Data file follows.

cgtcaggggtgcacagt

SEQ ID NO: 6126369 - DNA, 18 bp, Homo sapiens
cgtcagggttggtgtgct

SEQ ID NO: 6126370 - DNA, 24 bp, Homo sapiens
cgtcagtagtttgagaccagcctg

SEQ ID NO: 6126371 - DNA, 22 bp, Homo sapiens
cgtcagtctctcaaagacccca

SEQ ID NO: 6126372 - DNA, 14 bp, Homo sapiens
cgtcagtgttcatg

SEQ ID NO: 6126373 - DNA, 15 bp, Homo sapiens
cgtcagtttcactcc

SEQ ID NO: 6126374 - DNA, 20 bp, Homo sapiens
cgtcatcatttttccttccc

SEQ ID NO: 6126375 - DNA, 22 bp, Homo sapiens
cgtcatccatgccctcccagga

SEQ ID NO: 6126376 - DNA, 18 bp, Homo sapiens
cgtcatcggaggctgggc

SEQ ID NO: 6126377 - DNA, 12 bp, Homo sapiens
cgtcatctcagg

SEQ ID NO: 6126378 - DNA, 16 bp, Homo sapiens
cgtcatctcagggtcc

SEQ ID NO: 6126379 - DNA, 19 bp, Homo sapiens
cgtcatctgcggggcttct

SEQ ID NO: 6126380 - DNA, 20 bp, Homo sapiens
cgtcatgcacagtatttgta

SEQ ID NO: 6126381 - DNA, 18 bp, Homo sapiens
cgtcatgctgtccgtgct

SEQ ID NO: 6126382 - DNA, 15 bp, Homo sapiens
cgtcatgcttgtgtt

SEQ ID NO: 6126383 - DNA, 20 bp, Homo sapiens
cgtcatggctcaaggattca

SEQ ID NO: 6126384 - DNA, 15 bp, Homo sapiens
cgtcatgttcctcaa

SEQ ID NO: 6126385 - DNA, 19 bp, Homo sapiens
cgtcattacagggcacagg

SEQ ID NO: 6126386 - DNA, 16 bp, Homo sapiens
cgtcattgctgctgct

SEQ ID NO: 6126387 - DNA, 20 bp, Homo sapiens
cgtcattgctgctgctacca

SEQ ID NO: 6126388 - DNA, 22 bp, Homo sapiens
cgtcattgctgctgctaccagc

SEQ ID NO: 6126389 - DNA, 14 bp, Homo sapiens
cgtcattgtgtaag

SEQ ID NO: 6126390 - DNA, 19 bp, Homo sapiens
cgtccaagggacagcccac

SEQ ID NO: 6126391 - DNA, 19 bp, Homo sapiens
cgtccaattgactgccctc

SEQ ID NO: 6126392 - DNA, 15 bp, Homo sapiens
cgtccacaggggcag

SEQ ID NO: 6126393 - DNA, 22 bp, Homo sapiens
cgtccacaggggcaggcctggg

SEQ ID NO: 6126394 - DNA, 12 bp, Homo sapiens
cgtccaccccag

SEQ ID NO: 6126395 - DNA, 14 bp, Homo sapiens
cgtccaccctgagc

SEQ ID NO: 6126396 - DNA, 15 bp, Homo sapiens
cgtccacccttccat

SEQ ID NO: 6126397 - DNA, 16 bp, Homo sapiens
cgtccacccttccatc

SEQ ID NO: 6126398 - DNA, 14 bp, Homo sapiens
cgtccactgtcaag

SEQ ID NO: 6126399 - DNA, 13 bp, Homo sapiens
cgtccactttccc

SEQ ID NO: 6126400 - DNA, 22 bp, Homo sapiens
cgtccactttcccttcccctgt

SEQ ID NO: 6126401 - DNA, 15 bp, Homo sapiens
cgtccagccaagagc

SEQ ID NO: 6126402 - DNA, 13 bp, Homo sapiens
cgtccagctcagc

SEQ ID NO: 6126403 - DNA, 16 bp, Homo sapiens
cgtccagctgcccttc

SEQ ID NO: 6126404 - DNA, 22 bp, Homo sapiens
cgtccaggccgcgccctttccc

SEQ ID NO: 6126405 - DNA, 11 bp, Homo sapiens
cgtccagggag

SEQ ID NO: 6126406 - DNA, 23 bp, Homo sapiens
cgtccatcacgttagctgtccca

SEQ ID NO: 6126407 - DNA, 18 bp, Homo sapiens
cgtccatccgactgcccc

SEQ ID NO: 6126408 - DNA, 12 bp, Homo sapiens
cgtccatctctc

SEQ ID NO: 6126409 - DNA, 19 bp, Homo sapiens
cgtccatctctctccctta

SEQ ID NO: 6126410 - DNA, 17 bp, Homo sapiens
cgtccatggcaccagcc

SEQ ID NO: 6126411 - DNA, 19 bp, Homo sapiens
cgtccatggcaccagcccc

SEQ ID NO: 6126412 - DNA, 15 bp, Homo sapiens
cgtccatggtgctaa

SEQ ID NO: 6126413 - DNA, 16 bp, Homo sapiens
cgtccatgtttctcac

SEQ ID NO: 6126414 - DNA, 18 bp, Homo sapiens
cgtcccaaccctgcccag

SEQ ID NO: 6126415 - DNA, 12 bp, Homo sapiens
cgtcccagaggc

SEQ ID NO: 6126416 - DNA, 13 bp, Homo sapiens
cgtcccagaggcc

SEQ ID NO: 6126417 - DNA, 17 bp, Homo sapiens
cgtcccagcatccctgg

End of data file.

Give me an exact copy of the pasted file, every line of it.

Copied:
cgtcaggggtgcacagt

SEQ ID NO: 6126369 - DNA, 18 bp, Homo sapiens
cgtcagggttggtgtgct

SEQ ID NO: 6126370 - DNA, 24 bp, Homo sapiens
cgtcagtagtttgagaccagcctg

SEQ ID NO: 6126371 - DNA, 22 bp, Homo sapiens
cgtcagtctctcaaagacccca

SEQ ID NO: 6126372 - DNA, 14 bp, Homo sapiens
cgtcagtgttcatg

SEQ ID NO: 6126373 - DNA, 15 bp, Homo sapiens
cgtcagtttcactcc

SEQ ID NO: 6126374 - DNA, 20 bp, Homo sapiens
cgtcatcatttttccttccc

SEQ ID NO: 6126375 - DNA, 22 bp, Homo sapiens
cgtcatccatgccctcccagga

SEQ ID NO: 6126376 - DNA, 18 bp, Homo sapiens
cgtcatcggaggctgggc

SEQ ID NO: 6126377 - DNA, 12 bp, Homo sapiens
cgtcatctcagg

SEQ ID NO: 6126378 - DNA, 16 bp, Homo sapiens
cgtcatctcagggtcc

SEQ ID NO: 6126379 - DNA, 19 bp, Homo sapiens
cgtcatctgcggggcttct

SEQ ID NO: 6126380 - DNA, 20 bp, Homo sapiens
cgtcatgcacagtatttgta

SEQ ID NO: 6126381 - DNA, 18 bp, Homo sapiens
cgtcatgctgtccgtgct

SEQ ID NO: 6126382 - DNA, 15 bp, Homo sapiens
cgtcatgcttgtgtt

SEQ ID NO: 6126383 - DNA, 20 bp, Homo sapiens
cgtcatggctcaaggattca

SEQ ID NO: 6126384 - DNA, 15 bp, Homo sapiens
cgtcatgttcctcaa

SEQ ID NO: 6126385 - DNA, 19 bp, Homo sapiens
cgtcattacagggcacagg

SEQ ID NO: 6126386 - DNA, 16 bp, Homo sapiens
cgtcattgctgctgct

SEQ ID NO: 6126387 - DNA, 20 bp, Homo sapiens
cgtcattgctgctgctacca

SEQ ID NO: 6126388 - DNA, 22 bp, Homo sapiens
cgtcattgctgctgctaccagc

SEQ ID NO: 6126389 - DNA, 14 bp, Homo sapiens
cgtcattgtgtaag

SEQ ID NO: 6126390 - DNA, 19 bp, Homo sapiens
cgtccaagggacagcccac

SEQ ID NO: 6126391 - DNA, 19 bp, Homo sapiens
cgtccaattgactgccctc

SEQ ID NO: 6126392 - DNA, 15 bp, Homo sapiens
cgtccacaggggcag

SEQ ID NO: 6126393 - DNA, 22 bp, Homo sapiens
cgtccacaggggcaggcctggg

SEQ ID NO: 6126394 - DNA, 12 bp, Homo sapiens
cgtccaccccag

SEQ ID NO: 6126395 - DNA, 14 bp, Homo sapiens
cgtccaccctgagc

SEQ ID NO: 6126396 - DNA, 15 bp, Homo sapiens
cgtccacccttccat

SEQ ID NO: 6126397 - DNA, 16 bp, Homo sapiens
cgtccacccttccatc

SEQ ID NO: 6126398 - DNA, 14 bp, Homo sapiens
cgtccactgtcaag

SEQ ID NO: 6126399 - DNA, 13 bp, Homo sapiens
cgtccactttccc

SEQ ID NO: 6126400 - DNA, 22 bp, Homo sapiens
cgtccactttcccttcccctgt

SEQ ID NO: 6126401 - DNA, 15 bp, Homo sapiens
cgtccagccaagagc

SEQ ID NO: 6126402 - DNA, 13 bp, Homo sapiens
cgtccagctcagc

SEQ ID NO: 6126403 - DNA, 16 bp, Homo sapiens
cgtccagctgcccttc

SEQ ID NO: 6126404 - DNA, 22 bp, Homo sapiens
cgtccaggccgcgccctttccc

SEQ ID NO: 6126405 - DNA, 11 bp, Homo sapiens
cgtccagggag

SEQ ID NO: 6126406 - DNA, 23 bp, Homo sapiens
cgtccatcacgttagctgtccca

SEQ ID NO: 6126407 - DNA, 18 bp, Homo sapiens
cgtccatccgactgcccc

SEQ ID NO: 6126408 - DNA, 12 bp, Homo sapiens
cgtccatctctc

SEQ ID NO: 6126409 - DNA, 19 bp, Homo sapiens
cgtccatctctctccctta

SEQ ID NO: 6126410 - DNA, 17 bp, Homo sapiens
cgtccatggcaccagcc

SEQ ID NO: 6126411 - DNA, 19 bp, Homo sapiens
cgtccatggcaccagcccc

SEQ ID NO: 6126412 - DNA, 15 bp, Homo sapiens
cgtccatggtgctaa

SEQ ID NO: 6126413 - DNA, 16 bp, Homo sapiens
cgtccatgtttctcac

SEQ ID NO: 6126414 - DNA, 18 bp, Homo sapiens
cgtcccaaccctgcccag

SEQ ID NO: 6126415 - DNA, 12 bp, Homo sapiens
cgtcccagaggc

SEQ ID NO: 6126416 - DNA, 13 bp, Homo sapiens
cgtcccagaggcc

SEQ ID NO: 6126417 - DNA, 17 bp, Homo sapiens
cgtcccagcatccctgg